History, epidemic evolution, and model burn-in for a network of annual invasion: Soybean rust

M. R. Sanatkar, C. Scoglio, B. Natarajan, S. A. Isard, K. A. Garrett

Research output: Contribution to journalReview articlepeer-review

12 Scopus citations

Abstract

Ecological history may be an important driver of epidemics and disease emergence. We evaluated the role of history and two related concepts, the evolution of epidemics and the burn-in period required for fitting a model to epidemic observations, for the U.S. soybean rust epidemic (caused by Phakopsora pachyrhizi). This disease allows evaluation of replicate epidemics because the pathogen reinvades the United States each year. We used a new maximum likelihood estimation approach for fitting the network model based on observed U.S. epidemics. We evaluated the model burn-in period by comparing model fit based on each combination of other years of observation. When the miss error rates were weighted by 0.9 and false alarm error rates by 0.1, the mean error rate did decline, for most years, as more years were used to construct models. Models based on observations in years closer in time to the season being estimated gave lower miss error rates for later epidemic years. The weighted mean error rate was lower in backcasting than in forecasting, reflecting how the epidemic had evolved. Ongoing epidemic evolution, and potential model failure, can occur because of changes in climate, host resistance and spatial patterns, or pathogen evolution.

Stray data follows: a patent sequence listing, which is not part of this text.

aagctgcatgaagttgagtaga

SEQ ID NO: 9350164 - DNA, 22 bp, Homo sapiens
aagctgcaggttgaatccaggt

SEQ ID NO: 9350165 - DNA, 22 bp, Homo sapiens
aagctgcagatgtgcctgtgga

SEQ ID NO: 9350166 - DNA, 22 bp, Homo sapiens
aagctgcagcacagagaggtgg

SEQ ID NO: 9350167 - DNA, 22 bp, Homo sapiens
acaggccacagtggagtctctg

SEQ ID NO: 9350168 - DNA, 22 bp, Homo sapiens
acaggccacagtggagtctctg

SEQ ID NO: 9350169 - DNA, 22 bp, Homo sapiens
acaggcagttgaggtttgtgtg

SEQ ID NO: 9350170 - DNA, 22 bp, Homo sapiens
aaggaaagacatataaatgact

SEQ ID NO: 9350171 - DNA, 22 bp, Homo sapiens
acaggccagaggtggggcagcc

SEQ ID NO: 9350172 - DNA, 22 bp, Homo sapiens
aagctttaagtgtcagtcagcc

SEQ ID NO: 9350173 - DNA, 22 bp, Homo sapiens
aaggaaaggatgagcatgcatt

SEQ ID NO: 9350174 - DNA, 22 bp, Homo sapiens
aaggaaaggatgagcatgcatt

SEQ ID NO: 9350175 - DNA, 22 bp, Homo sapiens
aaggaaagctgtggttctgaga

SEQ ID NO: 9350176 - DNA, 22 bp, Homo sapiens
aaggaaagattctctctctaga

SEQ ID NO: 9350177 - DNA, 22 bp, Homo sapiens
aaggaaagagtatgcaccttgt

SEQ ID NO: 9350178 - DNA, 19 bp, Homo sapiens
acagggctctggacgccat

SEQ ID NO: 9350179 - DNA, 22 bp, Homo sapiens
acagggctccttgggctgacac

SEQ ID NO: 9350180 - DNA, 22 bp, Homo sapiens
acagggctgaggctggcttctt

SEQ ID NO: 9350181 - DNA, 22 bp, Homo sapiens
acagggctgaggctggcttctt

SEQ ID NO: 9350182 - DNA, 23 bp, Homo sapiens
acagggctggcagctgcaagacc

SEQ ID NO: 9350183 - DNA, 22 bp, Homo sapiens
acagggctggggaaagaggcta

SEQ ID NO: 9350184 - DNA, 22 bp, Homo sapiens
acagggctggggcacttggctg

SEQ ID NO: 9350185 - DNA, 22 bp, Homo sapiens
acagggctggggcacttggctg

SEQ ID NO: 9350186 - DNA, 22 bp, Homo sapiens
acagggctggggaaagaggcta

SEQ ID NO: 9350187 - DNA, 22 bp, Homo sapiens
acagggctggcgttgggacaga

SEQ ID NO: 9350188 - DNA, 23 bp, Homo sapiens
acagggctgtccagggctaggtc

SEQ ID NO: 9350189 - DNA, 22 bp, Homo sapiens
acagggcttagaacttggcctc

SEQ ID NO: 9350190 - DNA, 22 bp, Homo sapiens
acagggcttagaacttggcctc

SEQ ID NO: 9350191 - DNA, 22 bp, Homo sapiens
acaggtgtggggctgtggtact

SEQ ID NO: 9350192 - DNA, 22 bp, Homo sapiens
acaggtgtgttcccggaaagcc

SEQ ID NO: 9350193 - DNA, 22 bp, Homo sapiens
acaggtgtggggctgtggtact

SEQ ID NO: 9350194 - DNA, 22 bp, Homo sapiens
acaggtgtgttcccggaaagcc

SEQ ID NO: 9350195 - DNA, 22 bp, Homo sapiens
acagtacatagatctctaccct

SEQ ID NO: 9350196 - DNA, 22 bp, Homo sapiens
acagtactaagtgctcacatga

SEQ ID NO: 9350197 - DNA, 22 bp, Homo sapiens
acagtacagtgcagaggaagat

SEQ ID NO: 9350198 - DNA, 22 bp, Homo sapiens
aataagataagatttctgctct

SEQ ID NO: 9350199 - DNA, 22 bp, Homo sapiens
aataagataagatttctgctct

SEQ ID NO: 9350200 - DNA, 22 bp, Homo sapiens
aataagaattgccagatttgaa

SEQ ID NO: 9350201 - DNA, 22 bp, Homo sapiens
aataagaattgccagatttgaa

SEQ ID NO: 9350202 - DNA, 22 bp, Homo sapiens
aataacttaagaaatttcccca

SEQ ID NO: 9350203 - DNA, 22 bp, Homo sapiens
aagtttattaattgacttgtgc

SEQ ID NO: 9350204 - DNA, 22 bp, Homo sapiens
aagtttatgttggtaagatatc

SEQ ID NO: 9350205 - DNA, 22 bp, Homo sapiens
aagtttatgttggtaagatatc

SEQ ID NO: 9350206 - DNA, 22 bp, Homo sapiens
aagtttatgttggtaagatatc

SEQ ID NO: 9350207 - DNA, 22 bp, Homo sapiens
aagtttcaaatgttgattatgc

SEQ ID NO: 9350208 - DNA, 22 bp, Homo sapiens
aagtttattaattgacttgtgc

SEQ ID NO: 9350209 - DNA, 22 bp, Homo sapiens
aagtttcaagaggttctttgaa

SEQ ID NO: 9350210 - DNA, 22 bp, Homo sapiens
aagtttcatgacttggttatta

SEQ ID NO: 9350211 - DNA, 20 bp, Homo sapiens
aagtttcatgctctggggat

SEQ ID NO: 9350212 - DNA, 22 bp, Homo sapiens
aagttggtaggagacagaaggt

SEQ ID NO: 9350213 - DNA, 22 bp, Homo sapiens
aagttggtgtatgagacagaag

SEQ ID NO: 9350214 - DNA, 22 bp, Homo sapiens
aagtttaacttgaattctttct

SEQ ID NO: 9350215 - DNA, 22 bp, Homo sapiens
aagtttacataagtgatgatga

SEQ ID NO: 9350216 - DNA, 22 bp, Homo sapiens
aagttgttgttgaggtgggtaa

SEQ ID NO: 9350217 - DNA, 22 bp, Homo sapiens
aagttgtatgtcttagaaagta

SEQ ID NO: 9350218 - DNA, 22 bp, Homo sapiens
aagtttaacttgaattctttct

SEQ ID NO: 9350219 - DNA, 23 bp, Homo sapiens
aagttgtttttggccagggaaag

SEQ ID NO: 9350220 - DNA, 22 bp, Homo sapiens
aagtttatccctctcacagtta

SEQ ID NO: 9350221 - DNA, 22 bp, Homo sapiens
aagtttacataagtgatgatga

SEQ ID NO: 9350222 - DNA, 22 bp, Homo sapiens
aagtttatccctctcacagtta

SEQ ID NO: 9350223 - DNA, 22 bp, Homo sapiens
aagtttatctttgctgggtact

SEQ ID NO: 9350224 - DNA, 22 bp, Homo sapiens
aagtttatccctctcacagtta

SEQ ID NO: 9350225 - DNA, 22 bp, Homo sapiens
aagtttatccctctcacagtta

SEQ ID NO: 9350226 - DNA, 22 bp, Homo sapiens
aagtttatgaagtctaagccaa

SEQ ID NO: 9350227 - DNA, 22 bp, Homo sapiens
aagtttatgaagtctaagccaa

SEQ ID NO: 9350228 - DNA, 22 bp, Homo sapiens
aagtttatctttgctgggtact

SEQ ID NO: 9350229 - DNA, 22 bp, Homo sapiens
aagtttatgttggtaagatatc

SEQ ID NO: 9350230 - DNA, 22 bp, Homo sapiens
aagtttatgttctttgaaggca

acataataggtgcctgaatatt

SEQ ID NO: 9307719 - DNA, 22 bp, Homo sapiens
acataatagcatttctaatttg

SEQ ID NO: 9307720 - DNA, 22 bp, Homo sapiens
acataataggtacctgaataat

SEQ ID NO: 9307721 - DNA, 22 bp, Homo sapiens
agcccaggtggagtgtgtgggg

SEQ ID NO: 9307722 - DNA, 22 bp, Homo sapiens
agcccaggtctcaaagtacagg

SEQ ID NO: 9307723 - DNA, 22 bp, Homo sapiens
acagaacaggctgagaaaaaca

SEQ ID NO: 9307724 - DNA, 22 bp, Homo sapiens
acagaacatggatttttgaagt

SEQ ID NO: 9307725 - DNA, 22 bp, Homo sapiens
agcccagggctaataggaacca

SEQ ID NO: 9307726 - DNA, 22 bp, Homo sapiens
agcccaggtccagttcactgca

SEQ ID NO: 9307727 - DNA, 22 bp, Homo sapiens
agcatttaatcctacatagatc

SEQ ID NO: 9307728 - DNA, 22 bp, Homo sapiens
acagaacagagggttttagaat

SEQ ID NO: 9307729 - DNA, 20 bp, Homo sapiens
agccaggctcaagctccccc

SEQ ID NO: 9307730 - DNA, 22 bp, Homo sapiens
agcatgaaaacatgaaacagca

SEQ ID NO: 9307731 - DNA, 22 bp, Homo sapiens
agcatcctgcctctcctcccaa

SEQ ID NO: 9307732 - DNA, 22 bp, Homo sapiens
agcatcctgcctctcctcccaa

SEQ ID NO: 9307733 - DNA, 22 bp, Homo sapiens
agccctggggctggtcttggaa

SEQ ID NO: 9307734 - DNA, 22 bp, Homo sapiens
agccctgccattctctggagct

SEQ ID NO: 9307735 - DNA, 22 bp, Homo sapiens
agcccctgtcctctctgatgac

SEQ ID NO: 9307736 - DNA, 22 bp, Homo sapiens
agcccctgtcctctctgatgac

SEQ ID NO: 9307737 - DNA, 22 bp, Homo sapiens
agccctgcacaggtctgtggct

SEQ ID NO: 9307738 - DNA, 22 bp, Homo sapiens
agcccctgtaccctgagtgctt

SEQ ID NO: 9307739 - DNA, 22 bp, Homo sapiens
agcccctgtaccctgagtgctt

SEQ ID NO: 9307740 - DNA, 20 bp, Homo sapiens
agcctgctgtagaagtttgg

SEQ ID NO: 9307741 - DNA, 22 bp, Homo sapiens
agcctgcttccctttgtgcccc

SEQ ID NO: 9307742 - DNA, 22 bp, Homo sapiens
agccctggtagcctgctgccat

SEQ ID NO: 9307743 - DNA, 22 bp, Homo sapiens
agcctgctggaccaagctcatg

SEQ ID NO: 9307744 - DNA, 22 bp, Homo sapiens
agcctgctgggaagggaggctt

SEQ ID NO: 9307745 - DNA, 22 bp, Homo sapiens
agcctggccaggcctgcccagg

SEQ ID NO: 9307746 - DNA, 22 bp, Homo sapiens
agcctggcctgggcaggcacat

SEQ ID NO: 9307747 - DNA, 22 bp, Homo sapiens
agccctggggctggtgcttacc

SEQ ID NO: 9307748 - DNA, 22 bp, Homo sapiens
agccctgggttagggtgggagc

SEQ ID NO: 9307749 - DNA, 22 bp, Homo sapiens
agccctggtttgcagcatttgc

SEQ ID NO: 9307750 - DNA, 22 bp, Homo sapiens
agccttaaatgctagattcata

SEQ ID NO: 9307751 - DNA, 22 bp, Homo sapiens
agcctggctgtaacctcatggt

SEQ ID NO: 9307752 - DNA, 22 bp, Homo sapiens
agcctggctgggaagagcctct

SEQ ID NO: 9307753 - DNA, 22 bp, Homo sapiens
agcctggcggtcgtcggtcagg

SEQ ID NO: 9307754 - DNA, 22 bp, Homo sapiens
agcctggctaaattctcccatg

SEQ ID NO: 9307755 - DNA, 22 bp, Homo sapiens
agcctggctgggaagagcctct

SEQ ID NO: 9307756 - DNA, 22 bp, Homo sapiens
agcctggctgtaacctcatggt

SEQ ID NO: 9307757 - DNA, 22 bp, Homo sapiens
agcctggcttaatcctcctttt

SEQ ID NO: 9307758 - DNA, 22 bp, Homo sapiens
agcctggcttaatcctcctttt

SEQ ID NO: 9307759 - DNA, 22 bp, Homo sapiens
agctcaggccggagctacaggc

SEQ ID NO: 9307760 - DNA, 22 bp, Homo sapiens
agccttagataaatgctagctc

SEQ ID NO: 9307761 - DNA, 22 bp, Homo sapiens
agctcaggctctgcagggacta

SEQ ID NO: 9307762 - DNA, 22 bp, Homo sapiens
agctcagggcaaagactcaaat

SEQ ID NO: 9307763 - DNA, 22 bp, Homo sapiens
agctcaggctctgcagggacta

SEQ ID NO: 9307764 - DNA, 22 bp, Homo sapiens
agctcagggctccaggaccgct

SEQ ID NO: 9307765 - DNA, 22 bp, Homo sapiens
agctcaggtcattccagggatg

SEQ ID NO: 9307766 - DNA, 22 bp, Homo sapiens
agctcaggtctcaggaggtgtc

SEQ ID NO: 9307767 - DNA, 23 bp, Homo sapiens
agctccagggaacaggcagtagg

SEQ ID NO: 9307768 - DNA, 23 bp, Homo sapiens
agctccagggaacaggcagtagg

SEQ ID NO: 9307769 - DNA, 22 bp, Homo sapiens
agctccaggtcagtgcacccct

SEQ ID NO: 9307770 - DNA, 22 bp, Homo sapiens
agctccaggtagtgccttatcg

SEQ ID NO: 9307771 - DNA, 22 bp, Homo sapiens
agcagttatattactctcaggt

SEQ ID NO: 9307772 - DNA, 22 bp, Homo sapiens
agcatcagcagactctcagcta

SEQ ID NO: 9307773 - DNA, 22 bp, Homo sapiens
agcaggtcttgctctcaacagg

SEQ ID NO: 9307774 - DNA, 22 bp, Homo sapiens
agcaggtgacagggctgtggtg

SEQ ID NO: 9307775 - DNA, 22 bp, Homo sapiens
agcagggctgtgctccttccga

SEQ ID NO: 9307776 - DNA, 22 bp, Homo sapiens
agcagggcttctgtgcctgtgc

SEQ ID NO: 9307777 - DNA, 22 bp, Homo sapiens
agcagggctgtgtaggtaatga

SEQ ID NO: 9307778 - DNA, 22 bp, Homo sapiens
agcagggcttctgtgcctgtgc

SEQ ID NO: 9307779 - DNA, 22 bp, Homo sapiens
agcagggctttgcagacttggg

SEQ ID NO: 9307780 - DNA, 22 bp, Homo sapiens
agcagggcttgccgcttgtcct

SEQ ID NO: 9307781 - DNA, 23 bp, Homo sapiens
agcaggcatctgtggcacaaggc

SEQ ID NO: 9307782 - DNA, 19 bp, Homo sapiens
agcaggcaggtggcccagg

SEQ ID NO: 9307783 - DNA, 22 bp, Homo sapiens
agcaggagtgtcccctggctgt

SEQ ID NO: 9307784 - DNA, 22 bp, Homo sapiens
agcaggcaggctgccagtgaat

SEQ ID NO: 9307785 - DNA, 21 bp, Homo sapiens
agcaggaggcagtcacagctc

Original languageEnglish (US)
Pages (from-to)947-955
Number of pages9
JournalPHYTOPATHOLOGY
Volume105
Issue number7
DOIs
StatePublished - Jul 1 2015

All Science Journal Classification (ASJC) codes

  • Agronomy and Crop Science
  • Plant Science

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